The lapse rate is the change in temperature divided by the change in height. Lapse rates are important to weather forecasting since they help assess the (in)stability of layers in the troposphere. A higher number of lapse rate indicates a greater cooling with height. The typical situation is to have a lapse rate in which the temperature is decreasing with height but the temperature can increase with height such as with the case of an inversion. An inversion lapse rate can be indicated with a negative sign or a qualifier saying the temperature is increasing with height. A temperature increase with height is a very stable lapse rate in that layer.

The temperature difference, shown as delta T is found by finding the difference between the two temperature values at different elevations. On the diagram on left below, the temperature at the sfc is 22 C while the temperature at 3 km is 5 C. Thus, the temperature difference is 22 5 = 17. The change in height from the sfc to 700 mb is given as 3 km. The lapse rate is the temperature difference divided by the change in height which is 17 C / 3 C which results in a lapse rate of 5.7 C/km.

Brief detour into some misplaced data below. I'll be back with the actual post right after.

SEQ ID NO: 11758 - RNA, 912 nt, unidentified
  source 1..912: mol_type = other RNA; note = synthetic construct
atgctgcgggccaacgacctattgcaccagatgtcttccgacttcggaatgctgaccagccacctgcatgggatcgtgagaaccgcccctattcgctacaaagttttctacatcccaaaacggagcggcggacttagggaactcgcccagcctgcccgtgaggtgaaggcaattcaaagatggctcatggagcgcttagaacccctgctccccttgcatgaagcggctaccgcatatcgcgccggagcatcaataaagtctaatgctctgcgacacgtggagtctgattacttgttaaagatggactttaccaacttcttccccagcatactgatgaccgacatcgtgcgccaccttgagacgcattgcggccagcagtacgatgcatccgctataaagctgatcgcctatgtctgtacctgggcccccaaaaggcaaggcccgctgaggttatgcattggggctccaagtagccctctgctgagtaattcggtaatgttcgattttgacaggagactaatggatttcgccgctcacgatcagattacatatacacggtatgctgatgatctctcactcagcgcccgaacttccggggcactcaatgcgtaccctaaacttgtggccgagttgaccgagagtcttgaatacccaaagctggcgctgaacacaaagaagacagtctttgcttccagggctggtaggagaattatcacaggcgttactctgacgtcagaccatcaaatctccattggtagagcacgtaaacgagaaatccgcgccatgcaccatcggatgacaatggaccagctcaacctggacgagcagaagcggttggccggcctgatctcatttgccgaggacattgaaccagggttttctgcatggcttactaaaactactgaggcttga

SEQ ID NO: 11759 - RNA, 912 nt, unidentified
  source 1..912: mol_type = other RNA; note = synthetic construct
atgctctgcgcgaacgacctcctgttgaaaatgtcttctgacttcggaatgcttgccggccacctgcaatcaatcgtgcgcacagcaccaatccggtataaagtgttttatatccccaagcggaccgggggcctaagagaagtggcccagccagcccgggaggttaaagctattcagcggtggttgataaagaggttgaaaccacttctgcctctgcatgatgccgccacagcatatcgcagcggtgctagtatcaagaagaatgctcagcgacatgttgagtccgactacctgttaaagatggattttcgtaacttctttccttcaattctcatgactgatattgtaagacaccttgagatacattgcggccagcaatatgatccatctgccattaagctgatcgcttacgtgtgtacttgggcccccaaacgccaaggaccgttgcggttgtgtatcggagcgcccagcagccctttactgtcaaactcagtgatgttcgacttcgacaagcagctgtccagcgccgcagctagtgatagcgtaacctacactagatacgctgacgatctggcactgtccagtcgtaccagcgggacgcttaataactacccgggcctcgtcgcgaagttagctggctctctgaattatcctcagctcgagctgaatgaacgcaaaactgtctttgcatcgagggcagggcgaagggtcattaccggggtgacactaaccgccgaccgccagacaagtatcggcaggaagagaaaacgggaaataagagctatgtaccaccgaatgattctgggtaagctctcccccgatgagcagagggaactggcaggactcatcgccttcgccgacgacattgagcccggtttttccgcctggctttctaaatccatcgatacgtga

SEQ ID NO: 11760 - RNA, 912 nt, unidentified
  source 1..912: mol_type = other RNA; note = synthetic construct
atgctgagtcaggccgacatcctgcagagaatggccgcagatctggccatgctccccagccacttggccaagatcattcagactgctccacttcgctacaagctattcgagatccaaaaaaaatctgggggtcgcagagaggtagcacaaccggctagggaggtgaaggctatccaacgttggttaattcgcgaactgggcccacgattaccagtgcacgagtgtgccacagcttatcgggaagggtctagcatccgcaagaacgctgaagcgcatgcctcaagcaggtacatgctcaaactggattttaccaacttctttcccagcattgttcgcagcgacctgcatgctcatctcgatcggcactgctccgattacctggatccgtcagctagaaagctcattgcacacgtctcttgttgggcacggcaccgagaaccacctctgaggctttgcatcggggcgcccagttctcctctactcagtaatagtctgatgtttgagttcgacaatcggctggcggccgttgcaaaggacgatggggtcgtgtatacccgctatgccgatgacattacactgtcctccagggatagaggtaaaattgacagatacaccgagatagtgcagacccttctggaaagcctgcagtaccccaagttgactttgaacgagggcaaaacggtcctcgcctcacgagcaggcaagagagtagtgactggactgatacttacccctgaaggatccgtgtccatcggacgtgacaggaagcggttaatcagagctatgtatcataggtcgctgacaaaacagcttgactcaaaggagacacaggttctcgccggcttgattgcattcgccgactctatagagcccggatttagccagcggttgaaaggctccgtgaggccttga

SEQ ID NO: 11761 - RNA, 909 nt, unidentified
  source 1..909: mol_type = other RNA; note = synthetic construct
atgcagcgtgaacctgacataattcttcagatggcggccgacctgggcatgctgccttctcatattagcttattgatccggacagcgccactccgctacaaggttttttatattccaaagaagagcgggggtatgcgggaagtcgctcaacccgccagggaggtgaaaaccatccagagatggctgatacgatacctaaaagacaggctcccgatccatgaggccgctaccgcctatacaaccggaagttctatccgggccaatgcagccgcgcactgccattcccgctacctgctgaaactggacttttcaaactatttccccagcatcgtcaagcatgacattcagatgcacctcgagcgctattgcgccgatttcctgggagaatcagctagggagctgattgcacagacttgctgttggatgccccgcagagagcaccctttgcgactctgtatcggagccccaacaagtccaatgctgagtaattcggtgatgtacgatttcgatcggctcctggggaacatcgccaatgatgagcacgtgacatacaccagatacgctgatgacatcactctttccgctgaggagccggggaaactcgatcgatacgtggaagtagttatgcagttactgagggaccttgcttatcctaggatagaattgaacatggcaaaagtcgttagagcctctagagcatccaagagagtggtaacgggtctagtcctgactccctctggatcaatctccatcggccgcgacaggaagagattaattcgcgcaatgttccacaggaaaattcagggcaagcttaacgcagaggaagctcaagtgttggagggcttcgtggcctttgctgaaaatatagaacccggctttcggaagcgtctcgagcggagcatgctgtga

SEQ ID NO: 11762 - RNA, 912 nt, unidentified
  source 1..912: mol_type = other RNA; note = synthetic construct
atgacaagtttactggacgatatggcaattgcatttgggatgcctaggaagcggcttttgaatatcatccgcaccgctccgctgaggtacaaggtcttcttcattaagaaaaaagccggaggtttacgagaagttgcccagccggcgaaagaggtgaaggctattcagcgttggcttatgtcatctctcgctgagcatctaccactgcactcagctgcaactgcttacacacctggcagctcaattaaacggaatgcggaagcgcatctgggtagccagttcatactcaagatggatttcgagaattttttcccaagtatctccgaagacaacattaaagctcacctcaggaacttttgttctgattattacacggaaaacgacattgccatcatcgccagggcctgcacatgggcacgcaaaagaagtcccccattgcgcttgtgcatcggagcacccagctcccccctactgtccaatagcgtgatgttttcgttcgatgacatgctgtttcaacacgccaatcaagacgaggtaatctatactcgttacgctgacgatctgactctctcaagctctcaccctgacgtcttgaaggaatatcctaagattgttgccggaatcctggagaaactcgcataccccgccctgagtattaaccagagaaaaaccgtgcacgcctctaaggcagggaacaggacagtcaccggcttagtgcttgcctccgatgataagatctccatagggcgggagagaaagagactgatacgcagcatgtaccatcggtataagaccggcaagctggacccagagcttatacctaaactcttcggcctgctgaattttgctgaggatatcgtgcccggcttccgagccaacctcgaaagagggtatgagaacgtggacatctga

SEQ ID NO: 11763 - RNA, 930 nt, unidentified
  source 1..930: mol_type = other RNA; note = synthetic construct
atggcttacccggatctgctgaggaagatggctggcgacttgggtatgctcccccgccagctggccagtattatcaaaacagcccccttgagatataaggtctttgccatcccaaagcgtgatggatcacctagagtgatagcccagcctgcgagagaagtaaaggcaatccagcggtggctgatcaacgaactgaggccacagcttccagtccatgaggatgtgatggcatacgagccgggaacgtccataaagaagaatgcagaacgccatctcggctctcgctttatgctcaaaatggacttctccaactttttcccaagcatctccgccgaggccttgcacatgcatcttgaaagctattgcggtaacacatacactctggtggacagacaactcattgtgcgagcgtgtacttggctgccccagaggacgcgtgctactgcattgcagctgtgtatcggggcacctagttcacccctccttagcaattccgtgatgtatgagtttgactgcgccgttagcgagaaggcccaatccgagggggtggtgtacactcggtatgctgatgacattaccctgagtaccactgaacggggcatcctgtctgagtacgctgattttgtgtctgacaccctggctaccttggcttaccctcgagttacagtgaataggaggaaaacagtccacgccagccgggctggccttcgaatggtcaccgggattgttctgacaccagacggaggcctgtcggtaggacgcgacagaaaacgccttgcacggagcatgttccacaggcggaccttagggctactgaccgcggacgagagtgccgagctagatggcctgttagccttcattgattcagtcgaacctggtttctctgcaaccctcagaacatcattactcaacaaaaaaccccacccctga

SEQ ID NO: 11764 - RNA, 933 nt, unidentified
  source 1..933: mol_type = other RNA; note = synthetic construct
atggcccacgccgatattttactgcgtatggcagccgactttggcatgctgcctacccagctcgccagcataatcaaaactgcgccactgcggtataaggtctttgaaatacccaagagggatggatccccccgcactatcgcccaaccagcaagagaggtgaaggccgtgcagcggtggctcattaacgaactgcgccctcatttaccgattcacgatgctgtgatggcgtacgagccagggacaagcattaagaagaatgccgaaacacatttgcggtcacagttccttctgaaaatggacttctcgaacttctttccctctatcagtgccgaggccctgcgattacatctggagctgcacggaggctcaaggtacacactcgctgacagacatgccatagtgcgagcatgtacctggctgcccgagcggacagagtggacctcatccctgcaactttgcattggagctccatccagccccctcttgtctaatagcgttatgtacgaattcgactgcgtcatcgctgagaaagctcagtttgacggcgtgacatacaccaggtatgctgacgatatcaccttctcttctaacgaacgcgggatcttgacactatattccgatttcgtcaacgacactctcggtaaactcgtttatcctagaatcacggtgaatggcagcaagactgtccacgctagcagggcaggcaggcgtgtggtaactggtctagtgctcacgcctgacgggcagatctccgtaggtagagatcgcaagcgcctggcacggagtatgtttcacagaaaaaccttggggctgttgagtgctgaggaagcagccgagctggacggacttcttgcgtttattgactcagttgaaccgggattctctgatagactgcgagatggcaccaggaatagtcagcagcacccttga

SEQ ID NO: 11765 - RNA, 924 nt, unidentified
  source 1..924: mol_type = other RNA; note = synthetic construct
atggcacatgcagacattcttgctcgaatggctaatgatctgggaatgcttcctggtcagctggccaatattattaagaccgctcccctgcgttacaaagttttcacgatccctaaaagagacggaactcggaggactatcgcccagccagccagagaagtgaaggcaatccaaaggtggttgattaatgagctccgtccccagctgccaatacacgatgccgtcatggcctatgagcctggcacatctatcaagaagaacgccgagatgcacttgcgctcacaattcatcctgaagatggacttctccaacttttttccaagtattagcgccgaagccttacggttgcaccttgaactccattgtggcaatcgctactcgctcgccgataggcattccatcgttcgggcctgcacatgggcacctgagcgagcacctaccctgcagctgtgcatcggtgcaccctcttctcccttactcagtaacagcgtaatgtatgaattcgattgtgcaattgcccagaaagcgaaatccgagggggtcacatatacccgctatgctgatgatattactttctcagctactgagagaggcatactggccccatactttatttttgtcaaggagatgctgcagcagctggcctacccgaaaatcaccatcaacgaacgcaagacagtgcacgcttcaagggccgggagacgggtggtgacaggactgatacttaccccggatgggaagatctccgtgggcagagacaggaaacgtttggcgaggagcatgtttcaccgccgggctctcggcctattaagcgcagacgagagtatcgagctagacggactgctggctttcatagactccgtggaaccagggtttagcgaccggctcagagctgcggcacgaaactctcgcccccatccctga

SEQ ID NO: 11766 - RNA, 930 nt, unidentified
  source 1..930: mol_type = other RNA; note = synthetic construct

In the two examples below, temperature is decreasing with height. The diagram on the right (9.3 C/km) has a greater lapse rate as compared to the left diagram (5.7 C/km). As the lapse rate moves from 5 toward 10, the instability enhances. Weather forecasters look for high lapse rates to help forecast storms and severe weather.